The problem is past plastic

The abuse of the fishing industry leaves a lasting mark


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The deceptive practices of the fishing industry has put a vital ecosystem at risk of extinction.

Anush Melikyan, Staff Writer

Picking up plastic at the beach has lost its value in helping protect our oceans. 

Don’t get me wrong here, picking up plastic from the oceans doesn’t hurt but the problem is merely past plastic pollution in the oceans. The issue can be traced right down to the multibillion dollar industry of fishing. 

The deception within the fishing industry is more widespread than ever. Of the annually 160 billion pounds of fish caught every year an estimated 40 percent, nearly 63 billion pounds, is discarded. That’s two-fifths of marine life discarded. Known as bycatch this is a persistent global problem. (These numbers are estimated by independent researchers since little coverage is put out as fishery managers work to keep things under wraps.)

At the same time we can’t deny that plastic pollution is deteriorating our sea life rapidly. The effects of plastic pollution are extremely detrimental. Ingestion, suffocation and entanglement of marine life is due to the excessive amounts of plastic in our oceans. Plastic is right up at the top of the list amongst overfishing as a major cause of marine life death. 

As plastic does its fair share of damage to our sea creatures, the life in our oceans are being drawn out for reasons past human needs. We are taking away from our ecosystems at far quicker pace than they can repopulate, and earth is on the brink of a sixth mass extinction.

Basically, overfishing is the catalyst for ruined ecosystems and polluted seas. 

Anush Melikyan

To really understand the scope of this issue we need to understand the importance of our ocean ecosystems — from producing the air we breathe, to helping regulate the climate, to being the source for millions of jobs. The ocean’s inhabitants even play a role in the fight against climate change as they absorb carbon dioxide and keep the ocean’s acid levels steady.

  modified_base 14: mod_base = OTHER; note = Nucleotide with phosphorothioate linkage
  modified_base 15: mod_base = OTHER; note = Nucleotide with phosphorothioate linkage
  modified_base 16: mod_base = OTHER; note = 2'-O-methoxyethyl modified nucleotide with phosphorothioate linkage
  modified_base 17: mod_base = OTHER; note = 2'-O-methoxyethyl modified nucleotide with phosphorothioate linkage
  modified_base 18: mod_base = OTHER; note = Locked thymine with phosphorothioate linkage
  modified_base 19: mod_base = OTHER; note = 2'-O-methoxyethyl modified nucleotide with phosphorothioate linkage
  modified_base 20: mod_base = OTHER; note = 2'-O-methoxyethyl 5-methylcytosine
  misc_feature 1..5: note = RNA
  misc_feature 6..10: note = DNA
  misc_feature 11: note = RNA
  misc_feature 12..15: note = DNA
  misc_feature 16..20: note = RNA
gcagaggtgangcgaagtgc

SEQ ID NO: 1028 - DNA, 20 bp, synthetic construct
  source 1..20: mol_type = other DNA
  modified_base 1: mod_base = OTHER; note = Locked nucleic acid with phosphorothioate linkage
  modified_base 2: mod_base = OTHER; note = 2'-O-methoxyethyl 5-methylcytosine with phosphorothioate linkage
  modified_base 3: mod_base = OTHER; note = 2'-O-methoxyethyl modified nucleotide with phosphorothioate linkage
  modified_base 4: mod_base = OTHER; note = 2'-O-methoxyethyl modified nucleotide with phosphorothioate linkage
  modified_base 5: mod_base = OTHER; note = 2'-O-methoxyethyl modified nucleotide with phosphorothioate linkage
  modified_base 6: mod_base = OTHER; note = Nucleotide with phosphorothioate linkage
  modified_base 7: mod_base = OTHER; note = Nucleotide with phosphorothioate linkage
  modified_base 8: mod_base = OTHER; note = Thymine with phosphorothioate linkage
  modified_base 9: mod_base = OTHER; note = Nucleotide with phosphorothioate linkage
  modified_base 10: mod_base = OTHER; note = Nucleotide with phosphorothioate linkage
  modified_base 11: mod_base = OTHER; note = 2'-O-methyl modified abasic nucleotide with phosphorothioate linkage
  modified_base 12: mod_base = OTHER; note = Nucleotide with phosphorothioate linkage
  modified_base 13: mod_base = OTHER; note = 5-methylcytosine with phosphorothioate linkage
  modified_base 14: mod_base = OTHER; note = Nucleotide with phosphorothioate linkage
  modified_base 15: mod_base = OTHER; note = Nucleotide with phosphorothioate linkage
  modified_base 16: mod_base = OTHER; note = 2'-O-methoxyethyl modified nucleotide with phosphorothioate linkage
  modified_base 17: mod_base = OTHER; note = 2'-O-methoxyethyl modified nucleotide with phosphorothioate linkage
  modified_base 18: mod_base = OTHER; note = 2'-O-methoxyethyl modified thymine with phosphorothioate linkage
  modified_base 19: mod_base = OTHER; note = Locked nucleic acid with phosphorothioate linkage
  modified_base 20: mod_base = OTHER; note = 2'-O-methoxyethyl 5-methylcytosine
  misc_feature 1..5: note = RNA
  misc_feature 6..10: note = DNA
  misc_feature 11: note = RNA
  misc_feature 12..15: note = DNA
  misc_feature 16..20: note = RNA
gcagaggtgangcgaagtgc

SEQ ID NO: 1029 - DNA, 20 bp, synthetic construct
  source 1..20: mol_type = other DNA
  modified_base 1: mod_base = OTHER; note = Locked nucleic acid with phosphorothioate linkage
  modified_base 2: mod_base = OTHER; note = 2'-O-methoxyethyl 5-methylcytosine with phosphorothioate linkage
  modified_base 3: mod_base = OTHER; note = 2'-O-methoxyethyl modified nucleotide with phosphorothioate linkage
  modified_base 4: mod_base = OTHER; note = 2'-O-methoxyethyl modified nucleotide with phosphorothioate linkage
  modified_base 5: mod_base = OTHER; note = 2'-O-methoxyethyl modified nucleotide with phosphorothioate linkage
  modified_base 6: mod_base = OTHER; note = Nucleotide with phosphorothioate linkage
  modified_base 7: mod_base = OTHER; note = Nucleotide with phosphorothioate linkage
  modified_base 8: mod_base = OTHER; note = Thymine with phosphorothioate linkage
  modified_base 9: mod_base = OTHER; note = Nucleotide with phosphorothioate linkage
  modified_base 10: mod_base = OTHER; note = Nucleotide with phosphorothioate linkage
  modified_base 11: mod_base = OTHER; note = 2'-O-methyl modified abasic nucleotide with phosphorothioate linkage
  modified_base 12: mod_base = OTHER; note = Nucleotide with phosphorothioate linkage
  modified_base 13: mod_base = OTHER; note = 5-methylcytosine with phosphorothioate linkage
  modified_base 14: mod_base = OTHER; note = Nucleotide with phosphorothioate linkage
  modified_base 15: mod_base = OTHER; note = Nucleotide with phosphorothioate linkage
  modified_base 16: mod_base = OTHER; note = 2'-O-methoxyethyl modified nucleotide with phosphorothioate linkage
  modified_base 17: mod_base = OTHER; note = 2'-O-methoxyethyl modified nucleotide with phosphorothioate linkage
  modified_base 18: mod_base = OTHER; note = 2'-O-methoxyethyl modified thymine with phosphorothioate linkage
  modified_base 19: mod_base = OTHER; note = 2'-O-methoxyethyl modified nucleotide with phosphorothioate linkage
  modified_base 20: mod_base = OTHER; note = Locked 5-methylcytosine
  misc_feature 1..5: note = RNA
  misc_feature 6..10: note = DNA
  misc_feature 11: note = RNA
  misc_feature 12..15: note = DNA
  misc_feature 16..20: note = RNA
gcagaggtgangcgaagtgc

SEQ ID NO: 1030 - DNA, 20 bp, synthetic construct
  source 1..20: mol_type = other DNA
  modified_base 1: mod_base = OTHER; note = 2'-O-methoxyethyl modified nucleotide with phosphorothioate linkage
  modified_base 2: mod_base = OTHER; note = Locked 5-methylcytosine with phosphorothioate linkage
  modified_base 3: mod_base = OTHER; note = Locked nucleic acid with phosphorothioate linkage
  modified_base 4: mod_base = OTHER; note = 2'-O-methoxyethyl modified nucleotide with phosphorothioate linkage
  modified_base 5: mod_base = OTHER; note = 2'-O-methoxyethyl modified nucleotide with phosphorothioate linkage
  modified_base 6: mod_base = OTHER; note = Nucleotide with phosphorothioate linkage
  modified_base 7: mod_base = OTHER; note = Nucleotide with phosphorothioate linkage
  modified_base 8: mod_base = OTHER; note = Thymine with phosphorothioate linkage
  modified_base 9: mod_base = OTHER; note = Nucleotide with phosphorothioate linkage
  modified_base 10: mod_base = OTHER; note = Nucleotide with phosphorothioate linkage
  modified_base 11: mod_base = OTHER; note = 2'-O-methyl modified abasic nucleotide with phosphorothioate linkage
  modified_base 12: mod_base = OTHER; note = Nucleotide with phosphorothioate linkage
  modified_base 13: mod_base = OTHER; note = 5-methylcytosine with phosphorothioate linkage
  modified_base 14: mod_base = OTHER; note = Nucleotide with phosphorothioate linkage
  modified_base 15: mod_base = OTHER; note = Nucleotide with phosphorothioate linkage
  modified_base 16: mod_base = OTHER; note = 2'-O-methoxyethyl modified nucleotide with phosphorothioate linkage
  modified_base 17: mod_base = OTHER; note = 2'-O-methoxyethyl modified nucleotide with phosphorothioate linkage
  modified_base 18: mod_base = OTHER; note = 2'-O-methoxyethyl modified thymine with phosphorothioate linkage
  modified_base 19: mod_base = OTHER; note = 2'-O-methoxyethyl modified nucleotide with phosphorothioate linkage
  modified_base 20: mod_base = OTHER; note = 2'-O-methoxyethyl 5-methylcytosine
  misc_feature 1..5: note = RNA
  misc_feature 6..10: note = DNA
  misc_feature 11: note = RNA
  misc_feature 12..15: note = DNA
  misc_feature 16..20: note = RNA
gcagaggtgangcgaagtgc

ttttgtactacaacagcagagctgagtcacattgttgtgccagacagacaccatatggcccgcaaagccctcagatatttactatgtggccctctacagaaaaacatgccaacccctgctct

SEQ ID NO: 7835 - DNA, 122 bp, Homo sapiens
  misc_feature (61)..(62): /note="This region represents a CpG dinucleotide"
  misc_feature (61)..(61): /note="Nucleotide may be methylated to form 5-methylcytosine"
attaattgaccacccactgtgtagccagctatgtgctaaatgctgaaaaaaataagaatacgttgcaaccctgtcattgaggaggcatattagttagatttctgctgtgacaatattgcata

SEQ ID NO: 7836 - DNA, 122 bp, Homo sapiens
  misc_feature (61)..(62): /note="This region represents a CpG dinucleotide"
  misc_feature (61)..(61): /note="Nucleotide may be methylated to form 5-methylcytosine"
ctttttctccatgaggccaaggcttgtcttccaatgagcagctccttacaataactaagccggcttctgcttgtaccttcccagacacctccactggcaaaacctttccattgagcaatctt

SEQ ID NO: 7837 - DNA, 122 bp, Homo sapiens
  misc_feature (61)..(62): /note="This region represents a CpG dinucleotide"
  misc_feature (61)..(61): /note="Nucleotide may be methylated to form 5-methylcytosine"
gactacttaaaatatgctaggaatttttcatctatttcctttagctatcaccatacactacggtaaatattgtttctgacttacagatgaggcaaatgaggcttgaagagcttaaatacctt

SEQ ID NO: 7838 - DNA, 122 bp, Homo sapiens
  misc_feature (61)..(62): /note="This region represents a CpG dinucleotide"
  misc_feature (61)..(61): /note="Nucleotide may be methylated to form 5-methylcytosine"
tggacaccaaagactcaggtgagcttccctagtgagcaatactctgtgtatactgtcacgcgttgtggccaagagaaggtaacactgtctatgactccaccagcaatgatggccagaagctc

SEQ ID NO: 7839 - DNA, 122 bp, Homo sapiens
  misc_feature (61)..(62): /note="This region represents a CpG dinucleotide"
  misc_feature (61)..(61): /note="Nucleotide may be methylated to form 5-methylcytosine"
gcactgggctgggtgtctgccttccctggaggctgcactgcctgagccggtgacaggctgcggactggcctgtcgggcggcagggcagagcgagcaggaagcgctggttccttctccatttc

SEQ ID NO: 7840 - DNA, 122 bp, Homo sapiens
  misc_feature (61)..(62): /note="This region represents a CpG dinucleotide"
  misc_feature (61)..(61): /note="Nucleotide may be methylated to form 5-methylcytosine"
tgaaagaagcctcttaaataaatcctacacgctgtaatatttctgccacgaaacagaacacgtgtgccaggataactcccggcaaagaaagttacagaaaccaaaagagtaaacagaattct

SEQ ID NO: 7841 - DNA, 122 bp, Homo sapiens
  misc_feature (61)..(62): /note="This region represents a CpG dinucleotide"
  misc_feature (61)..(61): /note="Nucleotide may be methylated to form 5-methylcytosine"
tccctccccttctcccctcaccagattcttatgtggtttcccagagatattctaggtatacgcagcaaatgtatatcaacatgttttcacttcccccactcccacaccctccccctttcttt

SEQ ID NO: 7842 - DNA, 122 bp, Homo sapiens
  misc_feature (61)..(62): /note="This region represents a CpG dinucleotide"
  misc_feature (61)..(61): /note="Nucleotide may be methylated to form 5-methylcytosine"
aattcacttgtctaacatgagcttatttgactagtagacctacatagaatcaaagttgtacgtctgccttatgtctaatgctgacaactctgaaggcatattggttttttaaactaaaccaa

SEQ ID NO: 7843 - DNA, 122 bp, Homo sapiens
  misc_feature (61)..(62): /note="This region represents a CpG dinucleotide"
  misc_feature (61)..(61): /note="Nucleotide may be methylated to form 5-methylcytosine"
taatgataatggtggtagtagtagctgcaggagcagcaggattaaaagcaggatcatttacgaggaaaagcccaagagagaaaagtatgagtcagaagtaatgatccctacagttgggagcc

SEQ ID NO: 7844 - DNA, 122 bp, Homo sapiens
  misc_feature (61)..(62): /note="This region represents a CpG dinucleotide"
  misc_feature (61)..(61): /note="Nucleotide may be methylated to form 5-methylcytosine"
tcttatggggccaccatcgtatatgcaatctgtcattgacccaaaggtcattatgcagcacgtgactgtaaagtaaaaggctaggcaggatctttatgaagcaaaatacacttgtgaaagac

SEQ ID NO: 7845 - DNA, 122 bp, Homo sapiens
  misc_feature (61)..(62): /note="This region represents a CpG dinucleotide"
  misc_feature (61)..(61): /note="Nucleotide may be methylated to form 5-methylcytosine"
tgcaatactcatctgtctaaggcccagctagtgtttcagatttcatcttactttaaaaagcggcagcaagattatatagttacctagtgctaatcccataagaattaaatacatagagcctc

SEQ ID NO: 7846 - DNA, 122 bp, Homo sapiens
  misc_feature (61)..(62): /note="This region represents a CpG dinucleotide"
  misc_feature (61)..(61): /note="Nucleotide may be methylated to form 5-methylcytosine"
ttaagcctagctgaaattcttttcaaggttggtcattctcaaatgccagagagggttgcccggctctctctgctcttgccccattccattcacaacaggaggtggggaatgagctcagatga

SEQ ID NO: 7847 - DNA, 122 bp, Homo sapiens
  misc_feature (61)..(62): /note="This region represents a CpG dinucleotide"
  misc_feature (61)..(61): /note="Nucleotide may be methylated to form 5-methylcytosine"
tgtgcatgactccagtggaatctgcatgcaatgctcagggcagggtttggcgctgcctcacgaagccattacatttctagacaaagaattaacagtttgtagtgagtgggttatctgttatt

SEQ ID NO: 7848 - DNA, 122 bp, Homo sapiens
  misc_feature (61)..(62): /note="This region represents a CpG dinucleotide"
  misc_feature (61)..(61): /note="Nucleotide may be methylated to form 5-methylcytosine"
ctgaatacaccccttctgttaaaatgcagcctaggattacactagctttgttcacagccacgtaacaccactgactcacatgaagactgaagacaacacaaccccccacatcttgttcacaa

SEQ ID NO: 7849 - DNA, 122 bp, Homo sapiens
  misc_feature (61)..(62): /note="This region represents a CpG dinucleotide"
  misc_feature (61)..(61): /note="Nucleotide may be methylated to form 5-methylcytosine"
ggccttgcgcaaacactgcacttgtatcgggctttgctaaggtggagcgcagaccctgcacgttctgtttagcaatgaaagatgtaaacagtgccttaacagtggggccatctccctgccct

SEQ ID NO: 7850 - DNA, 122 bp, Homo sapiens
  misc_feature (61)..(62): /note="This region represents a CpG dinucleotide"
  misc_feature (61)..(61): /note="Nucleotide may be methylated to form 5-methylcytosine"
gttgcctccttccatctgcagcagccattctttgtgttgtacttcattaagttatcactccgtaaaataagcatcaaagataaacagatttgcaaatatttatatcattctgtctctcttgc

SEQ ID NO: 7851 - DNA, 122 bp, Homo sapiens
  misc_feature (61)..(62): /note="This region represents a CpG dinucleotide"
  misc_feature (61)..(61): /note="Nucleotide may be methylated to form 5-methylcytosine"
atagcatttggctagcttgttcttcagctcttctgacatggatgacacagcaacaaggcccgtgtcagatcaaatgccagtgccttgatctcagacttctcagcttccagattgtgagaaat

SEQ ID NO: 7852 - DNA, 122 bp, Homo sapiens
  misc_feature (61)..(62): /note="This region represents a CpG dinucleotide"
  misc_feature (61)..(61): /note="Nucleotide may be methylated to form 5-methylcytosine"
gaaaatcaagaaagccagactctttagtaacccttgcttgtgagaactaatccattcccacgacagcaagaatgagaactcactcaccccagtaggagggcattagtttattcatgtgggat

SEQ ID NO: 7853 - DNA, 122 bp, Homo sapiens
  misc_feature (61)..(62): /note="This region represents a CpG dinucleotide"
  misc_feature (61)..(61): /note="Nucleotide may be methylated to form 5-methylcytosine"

Plastic is a large problem, but it’s a problem that should shed light on the fact that overfishing destroys our planet on a scale that we as humans fail to recognize. In a way, people are not entirely to blame; it’s the lack of knowledge. The lack of correct knowledge can be traced to fisheries that misguide and claim they do “sustainable fishing.” Many fisheries worldwide are unregulated, so private corporations are easily open to create food labels that appeal to the customer to make them feel better about the product they are buying.

Even though picking up plastic and decreasing the use of plastic is good, boycotting the fishing industry will help on a greater scale.

Unless governments and corporations realize that the biodiversity of our oceans are vital and worth protecting we can say goodbye to “plenty of fish in the sea.”